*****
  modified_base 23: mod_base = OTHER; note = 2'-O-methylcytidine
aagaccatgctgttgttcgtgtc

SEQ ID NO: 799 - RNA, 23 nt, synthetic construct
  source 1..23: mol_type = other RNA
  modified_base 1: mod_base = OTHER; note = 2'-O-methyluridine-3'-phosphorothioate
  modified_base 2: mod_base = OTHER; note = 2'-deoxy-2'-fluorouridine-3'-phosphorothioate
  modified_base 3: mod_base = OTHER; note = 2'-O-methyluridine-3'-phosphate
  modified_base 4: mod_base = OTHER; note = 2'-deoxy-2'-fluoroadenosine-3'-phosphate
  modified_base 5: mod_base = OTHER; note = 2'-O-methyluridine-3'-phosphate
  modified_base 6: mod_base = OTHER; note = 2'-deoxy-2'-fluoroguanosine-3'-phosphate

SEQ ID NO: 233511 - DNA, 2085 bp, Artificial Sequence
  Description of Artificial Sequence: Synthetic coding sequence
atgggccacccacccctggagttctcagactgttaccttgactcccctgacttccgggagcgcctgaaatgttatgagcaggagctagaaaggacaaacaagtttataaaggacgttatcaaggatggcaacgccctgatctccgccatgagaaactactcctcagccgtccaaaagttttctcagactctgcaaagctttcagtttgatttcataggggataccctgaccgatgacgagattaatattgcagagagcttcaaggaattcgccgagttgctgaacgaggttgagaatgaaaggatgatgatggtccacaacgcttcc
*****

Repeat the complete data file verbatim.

  modified_base 23: mod_base = OTHER; note = 2'-O-methylcytidine
aagaccatgctgttgttcgtgtc

SEQ ID NO: 799 - RNA, 23 nt, synthetic construct
  source 1..23: mol_type = other RNA
  modified_base 1: mod_base = OTHER; note = 2'-O-methyluridine-3'-phosphorothioate
  modified_base 2: mod_base = OTHER; note = 2'-deoxy-2'-fluorouridine-3'-phosphorothioate
  modified_base 3: mod_base = OTHER; note = 2'-O-methyluridine-3'-phosphate
  modified_base 4: mod_base = OTHER; note = 2'-deoxy-2'-fluoroadenosine-3'-phosphate
  modified_base 5: mod_base = OTHER; note = 2'-O-methyluridine-3'-phosphate
  modified_base 6: mod_base = OTHER; note = 2'-deoxy-2'-fluoroguanosine-3'-phosphate

SEQ ID NO: 233511 - DNA, 2085 bp, Artificial Sequence
  Description of Artificial Sequence: Synthetic coding sequence
atgggccacccacccctggagttctcagactgttaccttgactcccctgacttccgggagcgcctgaaatgttatgagcaggagctagaaaggacaaacaagtttataaaggacgttatcaaggatggcaacgccctgatctccgccatgagaaactactcctcagccgtccaaaagttttctcagactctgcaaagctttcagtttgatttcataggggataccctgaccgatgacgagattaatattgcagagagcttcaaggaattcgccgagttgctgaacgaggttgagaatgaaaggatgatgatggtccacaacgcttcc